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J Davies and TJ Chambers

The ability of parathyroid hormone (PTH) to enhance bone formation has recently been exploited in the treatment of osteoporosis. However, the underlying mechanisms are unknown. Osteoblasts, the bone-forming cells, derive from multipotential bone marrow stromal precursors called colony-forming units-fibroblastic (CFU-F) upon culture ex vivo. Adhesion of such stromal precursors to bone is likely to be an early event in the anabolic response of bone to PTH. To test this, we measured the number of CFU-F that could be extracted from murine bone marrow after administration of an anabolic dose of PTH. We found that a very early response is a dramatic reduction, starting within 2 h, in the number of CFU-F that could be extracted from their bone marrow. We then tested whether PTH has the ability to activate adhesion of CFU-F in vitro. For this, bone marrow cells were incubated in PTH for varying times. Non-adherent cells were then removed, and the adherent cells were incubated in PTH-free medium for 14 days to assess, as colony formation, the number of CFU-F that had adhered in the preceding period. We found that incubation in PTH caused a substantial increase in the number of CFU-F that adhered within 24 h. This increase was abrogated by peptidic inhibitors of integrins. The increase did not seem to be mediated through a PTH-induced increase in interleukin-6, since interleukin-6 had no effect on CFU-F numbers when substituted for PTH. Similarly, adhesion was unaffected by incubation of bone marrow cells in dibutyryl cyclic AMP, nor by inhibitors or donors of nitric oxide. However, activation of CFU-F in vitro by PTH was strongly inhibited by indomethacin and mimicked by prostaglandin E(2), and indomethacin reversed the PTH-mediated reduction of CFU-F that could be extracted from mouse bone marrow. These results suggested that PTH rapidly activates adhesion of CFU-F to plastic or bone surfaces. This activation may represent an early event in the anabolic response of bone cells to PTH.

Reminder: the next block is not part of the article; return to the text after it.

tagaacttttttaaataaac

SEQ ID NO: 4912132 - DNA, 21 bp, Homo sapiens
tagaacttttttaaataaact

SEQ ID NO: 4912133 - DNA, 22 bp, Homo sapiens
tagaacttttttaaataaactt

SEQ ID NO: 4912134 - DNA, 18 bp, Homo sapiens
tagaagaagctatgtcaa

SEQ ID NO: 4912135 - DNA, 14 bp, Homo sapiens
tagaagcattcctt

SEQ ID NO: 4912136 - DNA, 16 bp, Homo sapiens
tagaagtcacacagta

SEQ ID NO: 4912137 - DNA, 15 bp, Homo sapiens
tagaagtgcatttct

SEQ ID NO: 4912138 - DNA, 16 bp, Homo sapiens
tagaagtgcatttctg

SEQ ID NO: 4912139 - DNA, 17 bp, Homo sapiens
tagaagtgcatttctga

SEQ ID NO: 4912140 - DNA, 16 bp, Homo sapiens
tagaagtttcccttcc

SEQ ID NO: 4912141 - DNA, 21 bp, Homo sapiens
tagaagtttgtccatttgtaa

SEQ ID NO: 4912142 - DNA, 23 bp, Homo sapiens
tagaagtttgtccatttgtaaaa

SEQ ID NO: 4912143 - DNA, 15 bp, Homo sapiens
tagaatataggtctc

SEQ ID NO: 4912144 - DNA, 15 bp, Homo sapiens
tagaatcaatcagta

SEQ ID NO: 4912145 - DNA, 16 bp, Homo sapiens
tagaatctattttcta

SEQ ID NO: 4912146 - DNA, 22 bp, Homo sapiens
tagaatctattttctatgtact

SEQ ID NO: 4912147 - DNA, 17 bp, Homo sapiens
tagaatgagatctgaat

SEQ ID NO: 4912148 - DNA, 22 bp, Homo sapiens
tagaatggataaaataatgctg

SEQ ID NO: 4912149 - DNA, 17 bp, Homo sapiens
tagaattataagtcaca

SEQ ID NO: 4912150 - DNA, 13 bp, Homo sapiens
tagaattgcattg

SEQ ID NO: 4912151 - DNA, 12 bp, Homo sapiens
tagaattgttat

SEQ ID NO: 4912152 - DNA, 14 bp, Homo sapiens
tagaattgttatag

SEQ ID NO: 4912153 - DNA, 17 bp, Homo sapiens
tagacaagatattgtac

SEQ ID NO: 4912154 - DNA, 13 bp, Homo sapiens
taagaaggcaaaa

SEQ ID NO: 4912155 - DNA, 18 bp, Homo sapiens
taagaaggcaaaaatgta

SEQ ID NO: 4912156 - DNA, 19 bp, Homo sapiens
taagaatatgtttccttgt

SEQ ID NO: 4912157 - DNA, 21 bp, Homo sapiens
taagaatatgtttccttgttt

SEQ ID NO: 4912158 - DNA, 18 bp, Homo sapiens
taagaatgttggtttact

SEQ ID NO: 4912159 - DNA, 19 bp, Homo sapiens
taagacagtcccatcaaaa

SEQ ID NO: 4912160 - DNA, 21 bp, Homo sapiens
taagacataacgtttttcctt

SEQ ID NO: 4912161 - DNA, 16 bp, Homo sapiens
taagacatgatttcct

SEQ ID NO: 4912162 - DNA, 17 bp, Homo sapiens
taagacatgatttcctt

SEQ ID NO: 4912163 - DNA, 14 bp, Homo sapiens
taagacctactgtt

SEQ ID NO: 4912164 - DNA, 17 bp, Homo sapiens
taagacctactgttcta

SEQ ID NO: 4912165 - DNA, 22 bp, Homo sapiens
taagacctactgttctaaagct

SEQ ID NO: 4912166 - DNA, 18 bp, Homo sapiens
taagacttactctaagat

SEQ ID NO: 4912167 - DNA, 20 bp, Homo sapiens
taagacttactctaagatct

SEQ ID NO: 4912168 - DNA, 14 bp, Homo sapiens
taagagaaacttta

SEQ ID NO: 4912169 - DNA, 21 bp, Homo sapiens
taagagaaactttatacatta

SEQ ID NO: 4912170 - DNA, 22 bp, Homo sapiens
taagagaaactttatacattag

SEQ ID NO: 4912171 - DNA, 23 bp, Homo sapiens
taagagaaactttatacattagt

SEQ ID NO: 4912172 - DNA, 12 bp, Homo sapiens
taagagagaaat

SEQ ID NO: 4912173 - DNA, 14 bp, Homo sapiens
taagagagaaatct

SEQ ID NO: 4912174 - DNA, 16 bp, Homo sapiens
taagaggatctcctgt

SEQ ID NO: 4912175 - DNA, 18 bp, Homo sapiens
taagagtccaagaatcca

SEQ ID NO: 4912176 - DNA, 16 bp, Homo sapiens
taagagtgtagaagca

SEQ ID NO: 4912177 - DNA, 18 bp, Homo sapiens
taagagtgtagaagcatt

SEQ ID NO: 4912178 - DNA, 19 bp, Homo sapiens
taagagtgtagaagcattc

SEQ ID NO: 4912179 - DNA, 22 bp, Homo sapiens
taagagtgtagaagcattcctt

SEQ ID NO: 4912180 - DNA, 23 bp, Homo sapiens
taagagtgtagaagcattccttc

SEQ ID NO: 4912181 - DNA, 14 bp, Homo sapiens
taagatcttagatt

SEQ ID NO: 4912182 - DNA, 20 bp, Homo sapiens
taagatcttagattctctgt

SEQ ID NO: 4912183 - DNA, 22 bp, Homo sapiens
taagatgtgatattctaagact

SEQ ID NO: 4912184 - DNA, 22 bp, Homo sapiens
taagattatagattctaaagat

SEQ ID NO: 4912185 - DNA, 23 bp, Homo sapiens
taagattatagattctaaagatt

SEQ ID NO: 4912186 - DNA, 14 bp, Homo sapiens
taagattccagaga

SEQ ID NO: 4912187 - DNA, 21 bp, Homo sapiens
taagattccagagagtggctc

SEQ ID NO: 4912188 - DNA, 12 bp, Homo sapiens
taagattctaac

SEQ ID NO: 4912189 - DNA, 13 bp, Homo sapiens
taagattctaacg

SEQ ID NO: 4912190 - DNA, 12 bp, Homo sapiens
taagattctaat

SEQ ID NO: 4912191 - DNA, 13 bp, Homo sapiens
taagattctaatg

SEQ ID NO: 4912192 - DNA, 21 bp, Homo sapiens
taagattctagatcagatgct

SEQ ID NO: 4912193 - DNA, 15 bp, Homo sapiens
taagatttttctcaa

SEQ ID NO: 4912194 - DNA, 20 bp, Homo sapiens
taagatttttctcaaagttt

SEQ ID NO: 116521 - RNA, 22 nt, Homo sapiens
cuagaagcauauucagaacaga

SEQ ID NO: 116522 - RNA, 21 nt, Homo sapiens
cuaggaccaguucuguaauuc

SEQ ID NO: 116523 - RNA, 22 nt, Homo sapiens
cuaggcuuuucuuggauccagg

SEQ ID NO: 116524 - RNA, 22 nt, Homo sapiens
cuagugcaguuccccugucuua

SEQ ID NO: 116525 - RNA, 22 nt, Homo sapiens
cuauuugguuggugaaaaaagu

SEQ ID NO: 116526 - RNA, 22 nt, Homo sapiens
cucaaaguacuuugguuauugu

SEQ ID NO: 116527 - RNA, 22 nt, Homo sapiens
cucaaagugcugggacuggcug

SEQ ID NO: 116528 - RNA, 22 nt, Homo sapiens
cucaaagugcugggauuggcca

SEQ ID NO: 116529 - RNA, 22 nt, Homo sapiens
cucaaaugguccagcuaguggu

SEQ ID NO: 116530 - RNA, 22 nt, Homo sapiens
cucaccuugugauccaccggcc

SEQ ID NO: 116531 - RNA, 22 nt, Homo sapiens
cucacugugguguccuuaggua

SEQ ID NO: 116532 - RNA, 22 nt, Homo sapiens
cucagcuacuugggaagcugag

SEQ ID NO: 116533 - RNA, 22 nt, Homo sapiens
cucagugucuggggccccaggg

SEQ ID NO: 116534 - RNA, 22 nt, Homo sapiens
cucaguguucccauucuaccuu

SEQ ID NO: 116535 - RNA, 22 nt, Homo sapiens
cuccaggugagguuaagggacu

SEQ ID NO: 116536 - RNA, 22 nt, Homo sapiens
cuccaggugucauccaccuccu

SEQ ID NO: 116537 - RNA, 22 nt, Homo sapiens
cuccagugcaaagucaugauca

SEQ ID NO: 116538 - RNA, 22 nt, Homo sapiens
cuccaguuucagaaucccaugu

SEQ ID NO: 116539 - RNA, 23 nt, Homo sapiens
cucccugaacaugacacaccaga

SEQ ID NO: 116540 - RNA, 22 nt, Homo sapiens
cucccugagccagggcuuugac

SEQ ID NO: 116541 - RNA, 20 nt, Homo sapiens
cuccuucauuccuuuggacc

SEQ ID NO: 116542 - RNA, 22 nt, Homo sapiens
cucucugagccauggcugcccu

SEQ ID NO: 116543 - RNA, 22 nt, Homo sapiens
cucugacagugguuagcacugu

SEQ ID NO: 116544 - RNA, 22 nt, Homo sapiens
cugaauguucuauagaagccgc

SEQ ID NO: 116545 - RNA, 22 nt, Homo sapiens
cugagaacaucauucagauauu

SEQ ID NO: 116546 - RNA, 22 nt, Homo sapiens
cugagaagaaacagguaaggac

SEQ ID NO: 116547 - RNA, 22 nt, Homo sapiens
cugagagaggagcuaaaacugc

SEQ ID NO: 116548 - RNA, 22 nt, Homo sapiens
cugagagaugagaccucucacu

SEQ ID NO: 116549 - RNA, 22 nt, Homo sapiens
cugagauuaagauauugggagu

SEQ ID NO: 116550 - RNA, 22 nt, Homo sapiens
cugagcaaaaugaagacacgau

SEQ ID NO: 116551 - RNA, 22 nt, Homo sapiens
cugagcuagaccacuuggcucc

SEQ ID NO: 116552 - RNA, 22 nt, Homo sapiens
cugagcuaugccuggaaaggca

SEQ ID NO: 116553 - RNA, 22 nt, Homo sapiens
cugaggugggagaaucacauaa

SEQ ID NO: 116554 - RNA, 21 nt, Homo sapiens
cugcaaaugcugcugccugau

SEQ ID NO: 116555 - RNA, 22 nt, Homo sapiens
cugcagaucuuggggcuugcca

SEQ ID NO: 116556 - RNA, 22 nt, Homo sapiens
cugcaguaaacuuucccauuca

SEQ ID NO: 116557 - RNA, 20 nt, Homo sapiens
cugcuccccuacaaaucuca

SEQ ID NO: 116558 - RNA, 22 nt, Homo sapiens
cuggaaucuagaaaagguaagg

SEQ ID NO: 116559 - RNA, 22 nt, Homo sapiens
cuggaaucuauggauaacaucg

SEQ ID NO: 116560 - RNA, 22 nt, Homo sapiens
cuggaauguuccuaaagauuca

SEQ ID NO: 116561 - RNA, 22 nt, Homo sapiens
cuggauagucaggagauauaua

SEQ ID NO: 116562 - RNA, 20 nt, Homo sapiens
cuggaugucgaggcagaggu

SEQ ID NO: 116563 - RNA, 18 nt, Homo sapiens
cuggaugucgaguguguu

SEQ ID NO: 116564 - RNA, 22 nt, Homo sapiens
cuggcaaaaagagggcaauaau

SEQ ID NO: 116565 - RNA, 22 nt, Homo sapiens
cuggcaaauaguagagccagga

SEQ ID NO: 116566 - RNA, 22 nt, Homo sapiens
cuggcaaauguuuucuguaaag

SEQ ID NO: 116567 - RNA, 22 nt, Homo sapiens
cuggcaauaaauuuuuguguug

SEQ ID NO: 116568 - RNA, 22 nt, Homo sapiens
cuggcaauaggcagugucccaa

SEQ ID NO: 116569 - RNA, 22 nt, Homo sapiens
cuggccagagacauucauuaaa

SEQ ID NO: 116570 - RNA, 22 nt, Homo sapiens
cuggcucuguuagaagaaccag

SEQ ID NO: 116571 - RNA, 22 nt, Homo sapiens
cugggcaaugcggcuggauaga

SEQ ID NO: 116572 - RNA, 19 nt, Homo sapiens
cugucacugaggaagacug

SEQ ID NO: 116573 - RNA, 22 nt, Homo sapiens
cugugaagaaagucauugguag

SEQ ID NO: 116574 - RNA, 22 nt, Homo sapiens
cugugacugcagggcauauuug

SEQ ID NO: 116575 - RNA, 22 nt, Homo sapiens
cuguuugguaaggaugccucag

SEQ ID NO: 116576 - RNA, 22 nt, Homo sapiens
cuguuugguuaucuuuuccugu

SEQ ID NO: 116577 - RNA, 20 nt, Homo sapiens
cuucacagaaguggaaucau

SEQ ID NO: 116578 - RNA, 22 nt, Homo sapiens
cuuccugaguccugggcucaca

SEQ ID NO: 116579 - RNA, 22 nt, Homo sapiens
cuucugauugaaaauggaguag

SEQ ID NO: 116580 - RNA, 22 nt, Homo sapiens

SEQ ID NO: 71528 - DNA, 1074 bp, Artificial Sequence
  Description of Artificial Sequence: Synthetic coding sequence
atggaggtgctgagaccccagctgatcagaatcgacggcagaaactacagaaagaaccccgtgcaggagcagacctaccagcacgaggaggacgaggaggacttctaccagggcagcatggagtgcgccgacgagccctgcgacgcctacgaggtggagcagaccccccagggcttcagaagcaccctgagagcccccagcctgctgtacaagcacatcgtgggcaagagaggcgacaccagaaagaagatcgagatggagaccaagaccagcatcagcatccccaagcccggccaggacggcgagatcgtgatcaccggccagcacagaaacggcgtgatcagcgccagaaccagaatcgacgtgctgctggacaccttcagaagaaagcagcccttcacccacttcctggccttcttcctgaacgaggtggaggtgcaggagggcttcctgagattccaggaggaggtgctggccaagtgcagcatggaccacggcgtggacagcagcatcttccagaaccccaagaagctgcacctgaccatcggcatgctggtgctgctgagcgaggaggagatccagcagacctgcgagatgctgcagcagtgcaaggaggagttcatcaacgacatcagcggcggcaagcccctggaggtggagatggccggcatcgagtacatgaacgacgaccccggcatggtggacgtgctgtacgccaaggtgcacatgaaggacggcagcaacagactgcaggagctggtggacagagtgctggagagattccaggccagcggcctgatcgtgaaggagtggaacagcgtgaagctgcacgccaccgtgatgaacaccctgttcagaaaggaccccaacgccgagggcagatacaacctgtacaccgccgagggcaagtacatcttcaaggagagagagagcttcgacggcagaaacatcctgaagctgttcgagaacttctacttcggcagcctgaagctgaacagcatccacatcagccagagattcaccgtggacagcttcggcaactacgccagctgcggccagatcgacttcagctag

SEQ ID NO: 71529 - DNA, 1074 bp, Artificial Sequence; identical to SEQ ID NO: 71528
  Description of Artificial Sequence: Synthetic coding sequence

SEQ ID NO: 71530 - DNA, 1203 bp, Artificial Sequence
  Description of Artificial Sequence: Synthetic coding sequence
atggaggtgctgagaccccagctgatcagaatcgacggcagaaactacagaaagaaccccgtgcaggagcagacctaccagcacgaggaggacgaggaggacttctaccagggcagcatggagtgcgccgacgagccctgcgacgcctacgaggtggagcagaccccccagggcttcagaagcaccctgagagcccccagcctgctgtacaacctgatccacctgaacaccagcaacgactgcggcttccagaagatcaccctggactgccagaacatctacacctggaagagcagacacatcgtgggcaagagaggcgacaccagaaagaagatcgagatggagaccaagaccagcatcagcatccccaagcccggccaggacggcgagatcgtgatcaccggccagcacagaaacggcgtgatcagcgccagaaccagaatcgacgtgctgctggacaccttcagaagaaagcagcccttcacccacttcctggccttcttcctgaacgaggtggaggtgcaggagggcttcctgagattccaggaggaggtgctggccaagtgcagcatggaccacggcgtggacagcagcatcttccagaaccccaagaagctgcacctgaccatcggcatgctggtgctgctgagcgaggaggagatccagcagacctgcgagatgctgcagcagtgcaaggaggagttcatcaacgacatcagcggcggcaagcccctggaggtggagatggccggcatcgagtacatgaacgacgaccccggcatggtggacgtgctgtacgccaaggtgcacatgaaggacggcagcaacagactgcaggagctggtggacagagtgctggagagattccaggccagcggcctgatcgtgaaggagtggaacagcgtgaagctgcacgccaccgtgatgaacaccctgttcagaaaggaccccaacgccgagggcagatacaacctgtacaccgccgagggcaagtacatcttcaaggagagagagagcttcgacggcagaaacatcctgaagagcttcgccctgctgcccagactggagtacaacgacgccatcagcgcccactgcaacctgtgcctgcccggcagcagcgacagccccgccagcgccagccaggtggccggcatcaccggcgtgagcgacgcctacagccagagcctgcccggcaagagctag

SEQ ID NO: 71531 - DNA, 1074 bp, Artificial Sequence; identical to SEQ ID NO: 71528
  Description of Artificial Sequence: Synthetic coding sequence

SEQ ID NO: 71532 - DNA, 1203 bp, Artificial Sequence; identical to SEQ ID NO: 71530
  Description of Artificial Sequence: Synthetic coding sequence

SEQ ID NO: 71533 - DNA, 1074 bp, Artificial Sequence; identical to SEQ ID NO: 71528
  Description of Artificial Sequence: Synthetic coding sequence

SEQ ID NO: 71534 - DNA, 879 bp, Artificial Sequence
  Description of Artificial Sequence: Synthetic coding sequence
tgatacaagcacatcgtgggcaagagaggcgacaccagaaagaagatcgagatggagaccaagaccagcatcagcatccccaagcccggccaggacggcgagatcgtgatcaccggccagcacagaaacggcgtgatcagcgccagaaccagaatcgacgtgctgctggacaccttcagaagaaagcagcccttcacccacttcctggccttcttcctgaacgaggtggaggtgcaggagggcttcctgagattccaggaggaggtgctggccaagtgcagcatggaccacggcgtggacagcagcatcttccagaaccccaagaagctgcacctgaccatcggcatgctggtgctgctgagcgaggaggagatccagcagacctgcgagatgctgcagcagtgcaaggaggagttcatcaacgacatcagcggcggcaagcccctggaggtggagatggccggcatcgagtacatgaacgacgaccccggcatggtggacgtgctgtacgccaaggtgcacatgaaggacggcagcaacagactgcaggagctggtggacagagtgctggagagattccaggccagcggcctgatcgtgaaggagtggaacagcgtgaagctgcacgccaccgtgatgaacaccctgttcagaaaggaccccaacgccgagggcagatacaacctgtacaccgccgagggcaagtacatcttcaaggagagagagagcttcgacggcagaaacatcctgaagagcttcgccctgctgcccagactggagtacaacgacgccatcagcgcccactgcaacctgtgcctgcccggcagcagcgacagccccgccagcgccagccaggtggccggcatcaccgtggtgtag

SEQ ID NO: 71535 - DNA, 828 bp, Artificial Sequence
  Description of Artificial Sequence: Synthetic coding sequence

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K Fuller, JM Owens, and TJ Chambers

It is believed that parathyroid hormone (PTH) increases the resorptive activity of pre-existing osteoclasts through a primary interaction with cells of the osteoblastic lineage. Much less is known, however, of the mechanisms by which PTH induces osteoclast formation. It is known that osteoclast formation occurs through a contact-dependent interaction between stromal cells and haemopoietic precursors, but it is not known whether PTH acts on stromal cells or precursors to induce osteoclast formation. To address this issue, we compared the ability of haemopoietic cultures to generate osteoclasts, identified as calcitonin receptor positive (CTRP) cells, and to resorb bone in response to PTH and 1,25(OH)2 vitamin D3 (1,25(OH)2D3). We found that when murine haemopoietic tissues were incubated at densities sufficiently high to support haemopoiesis, both PTH and 1,25(OH)2D3 induced bone resorption in bone marrow cells, but in cultures of haemopoietic spleen only 1,25(OH)2D3 induced CTRP cells, and neither hormone induced bone resorption. To determine whether these differences were attributable to differences in stromal cells or haemopoietic precursors, lower densities of haemopoietic spleen cells were incubated on osteoblastic (UMR 106), splenic or bone marrow stromal cells. We found that the behaviour of the cocultures reflected the characteristics and origin of the stromal cells. Thus, the ability of both osteoblastic and splenic stromal cells to induce CTRP cells with 1,25(OH)2D3, while only osteoblastic cells induced osteoclasts with PTH, from the same precursors, suggests that the ability of PTH to induce osteoclastic differentiation cannot be attributed to a hormonal action on osteoclast precursors, but depends on a response in stromal cells.